The true extent of alcohol-related violence and intimidation has been revealed in startling new research.
According to a survey commissioned by the charity, Alcohol Action Ireland (AAI), half of people say they have experienced some type of alcohol-related intimidation, threat or violence during the last 12 months, while almost one in 10 claim that they, or a family member, has actually been assaulted by a drunk person in the last year.
However, in the case of assaults, half of people said that they had not reported the crime to the Gardai.
Just over 1,000 people aged 16 and older were surveyed, with almost half of these admitting that they had gone out of their way to avoid drunk people or places where drinkers were known to hang out.
The survey also revealed that:
-Almost one in five people had felt unsafe while waiting for, or using, public transport because of other people's drinking-related behaviour
-At least one in 10 had been verbally abused by someone under the influence of drink
-At least one in 10 had been in what they classed a ‘serious argument' because of someone else's drinking.
"These findings raise serious questions about the high levels of tolerance we have for living with the consequences of alcohol-related harm both on an individual, community and society level. What is even more alarming is that this is the public face of alcohol-related harm and crime, albeit with worryingly low levels of reporting to Gardai," commented AAI director, Fiona Ryan.
She said that this survey, along with the findings of a recent Health Research Board study, which showed a major jump in the number of people seeking alcohol treatment, shows that Ireland has a ‘real problem'.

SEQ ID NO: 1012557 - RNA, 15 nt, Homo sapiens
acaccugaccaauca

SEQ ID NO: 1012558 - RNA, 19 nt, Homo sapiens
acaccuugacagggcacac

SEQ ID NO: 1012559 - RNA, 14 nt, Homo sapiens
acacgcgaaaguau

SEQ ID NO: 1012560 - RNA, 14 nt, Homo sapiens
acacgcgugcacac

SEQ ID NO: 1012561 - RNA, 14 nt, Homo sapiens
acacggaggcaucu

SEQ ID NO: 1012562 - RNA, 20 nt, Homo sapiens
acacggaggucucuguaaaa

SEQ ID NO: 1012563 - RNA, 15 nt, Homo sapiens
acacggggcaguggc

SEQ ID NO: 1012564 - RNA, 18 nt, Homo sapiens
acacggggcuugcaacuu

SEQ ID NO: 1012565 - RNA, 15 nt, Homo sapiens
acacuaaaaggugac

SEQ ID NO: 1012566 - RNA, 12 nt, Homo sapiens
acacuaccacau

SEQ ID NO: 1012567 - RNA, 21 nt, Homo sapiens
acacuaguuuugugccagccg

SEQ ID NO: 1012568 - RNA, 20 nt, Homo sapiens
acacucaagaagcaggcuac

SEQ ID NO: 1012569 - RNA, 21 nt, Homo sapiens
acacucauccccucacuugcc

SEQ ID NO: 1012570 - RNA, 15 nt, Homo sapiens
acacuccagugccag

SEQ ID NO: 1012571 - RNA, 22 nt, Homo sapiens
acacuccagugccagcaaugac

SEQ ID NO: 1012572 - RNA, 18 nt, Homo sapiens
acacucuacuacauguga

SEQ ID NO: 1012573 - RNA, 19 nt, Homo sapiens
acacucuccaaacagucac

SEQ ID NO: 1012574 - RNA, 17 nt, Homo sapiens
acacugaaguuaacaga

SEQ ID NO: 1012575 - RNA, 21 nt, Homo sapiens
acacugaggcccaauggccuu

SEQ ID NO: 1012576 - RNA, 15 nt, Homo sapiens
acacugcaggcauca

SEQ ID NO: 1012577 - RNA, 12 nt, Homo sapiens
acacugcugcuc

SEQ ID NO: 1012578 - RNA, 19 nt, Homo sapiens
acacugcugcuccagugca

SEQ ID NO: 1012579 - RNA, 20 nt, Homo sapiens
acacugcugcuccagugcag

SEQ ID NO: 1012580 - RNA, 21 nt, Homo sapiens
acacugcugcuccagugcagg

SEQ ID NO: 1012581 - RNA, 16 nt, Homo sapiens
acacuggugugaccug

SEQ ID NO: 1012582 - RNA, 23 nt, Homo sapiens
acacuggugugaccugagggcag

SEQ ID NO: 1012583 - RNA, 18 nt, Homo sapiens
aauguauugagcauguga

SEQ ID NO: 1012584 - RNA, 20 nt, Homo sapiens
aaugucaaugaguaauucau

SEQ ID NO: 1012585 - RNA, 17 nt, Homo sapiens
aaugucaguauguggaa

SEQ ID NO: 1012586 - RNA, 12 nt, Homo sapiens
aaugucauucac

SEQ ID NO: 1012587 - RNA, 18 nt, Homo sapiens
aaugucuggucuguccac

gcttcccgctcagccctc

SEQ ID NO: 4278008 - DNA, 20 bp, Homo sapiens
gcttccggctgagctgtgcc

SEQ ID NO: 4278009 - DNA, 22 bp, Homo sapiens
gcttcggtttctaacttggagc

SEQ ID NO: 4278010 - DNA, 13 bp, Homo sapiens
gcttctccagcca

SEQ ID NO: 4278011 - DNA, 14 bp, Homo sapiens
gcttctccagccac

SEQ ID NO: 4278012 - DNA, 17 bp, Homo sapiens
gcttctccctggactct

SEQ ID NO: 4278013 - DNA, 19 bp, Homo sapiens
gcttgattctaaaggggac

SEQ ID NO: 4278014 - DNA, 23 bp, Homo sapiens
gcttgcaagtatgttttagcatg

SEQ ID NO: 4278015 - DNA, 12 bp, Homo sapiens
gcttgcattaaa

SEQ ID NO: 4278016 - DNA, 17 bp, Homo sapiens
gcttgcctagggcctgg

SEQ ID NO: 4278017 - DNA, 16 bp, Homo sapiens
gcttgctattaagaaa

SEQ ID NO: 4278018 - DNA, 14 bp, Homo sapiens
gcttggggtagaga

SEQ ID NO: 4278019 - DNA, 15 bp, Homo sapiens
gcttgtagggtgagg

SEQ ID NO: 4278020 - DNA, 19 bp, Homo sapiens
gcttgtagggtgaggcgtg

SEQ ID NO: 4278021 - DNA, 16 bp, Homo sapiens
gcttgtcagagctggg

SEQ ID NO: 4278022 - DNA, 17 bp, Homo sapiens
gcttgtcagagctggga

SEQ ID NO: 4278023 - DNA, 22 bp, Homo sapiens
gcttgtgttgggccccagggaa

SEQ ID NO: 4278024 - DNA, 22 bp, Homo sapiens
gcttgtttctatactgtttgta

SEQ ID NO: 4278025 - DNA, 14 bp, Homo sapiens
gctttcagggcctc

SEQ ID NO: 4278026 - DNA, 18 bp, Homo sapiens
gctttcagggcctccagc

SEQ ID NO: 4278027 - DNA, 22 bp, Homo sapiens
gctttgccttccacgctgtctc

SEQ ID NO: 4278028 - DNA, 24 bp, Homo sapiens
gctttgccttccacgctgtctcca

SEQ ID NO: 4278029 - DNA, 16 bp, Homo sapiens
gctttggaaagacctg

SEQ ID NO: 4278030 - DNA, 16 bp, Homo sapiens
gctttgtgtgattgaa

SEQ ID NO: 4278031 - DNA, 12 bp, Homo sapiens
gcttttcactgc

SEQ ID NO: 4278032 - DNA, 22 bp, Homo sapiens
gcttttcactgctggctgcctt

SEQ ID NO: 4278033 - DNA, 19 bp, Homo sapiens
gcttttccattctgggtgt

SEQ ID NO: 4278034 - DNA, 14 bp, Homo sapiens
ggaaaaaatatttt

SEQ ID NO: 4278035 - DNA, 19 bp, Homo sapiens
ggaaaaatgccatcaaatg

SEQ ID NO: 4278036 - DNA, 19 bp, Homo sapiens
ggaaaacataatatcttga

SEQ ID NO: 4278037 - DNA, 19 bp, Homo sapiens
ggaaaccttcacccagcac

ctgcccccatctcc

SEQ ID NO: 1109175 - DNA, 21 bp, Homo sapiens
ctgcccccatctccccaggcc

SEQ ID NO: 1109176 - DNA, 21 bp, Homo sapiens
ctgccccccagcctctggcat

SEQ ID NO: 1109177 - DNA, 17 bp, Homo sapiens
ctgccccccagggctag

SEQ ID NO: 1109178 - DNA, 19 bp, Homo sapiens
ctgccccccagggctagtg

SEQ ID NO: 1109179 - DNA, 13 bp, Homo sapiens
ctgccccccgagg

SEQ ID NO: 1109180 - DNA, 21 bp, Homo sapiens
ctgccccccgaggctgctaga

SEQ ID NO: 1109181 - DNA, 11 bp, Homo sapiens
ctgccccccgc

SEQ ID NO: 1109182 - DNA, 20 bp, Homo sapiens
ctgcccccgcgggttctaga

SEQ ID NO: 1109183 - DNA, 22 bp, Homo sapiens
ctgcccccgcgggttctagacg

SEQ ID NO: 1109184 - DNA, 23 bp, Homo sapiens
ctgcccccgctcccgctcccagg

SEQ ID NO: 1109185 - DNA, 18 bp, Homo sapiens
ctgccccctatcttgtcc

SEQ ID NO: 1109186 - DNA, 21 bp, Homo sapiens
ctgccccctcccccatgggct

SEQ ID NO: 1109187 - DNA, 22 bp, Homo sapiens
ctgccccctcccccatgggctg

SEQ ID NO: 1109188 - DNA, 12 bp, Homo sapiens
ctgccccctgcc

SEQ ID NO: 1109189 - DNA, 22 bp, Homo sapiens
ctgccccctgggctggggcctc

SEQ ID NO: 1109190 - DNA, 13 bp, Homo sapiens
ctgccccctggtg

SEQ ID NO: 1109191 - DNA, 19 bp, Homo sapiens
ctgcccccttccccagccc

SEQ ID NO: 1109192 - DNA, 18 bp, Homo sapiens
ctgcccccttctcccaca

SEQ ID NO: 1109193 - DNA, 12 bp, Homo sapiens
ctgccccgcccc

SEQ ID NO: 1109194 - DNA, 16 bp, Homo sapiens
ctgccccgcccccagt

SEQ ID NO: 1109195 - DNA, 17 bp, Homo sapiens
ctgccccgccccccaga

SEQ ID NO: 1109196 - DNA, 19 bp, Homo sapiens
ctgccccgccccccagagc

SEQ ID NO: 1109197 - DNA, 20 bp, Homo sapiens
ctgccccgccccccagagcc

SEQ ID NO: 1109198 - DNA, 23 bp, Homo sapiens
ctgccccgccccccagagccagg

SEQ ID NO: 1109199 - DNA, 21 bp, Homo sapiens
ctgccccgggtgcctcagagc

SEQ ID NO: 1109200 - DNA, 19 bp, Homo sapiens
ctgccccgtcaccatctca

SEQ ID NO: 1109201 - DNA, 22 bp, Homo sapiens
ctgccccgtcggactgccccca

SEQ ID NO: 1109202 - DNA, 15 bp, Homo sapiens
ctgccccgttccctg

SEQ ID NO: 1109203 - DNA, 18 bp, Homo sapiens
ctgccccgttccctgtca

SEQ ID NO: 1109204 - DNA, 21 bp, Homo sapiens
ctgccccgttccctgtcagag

"Yet we continue to sell alcohol at pocket money prices, with women able to reach their maximum low-risk weekly drinking limits for €7 and a man for €10. If we're serious about tackling alcohol-related harm, then we need to tackle pricing and availability," Ms Ryan insisted.
She said that the Department of Health is ‘actively considering' minimum pricing - a floor price below which alcohol could not be sold.
"From talking with gardai, community representatives and elected officials, that change could not come quickly enough. As part of this survey, people were asked if they would favour minimum pricing for alcohol and 55% said yes, showing popular support for this measure," she noted.
Meanwhile, Ms Ryan acknowledged that alcohol-related harm does not just happen on the streets, but also often occurs behind closed doors in people's homes.
AAI commissioned this survey to coincide with a major conference - ‘Alcohol - Where's the Harm?' - which is taking place at the Royal College of Physicians in Dublin today (November 15).
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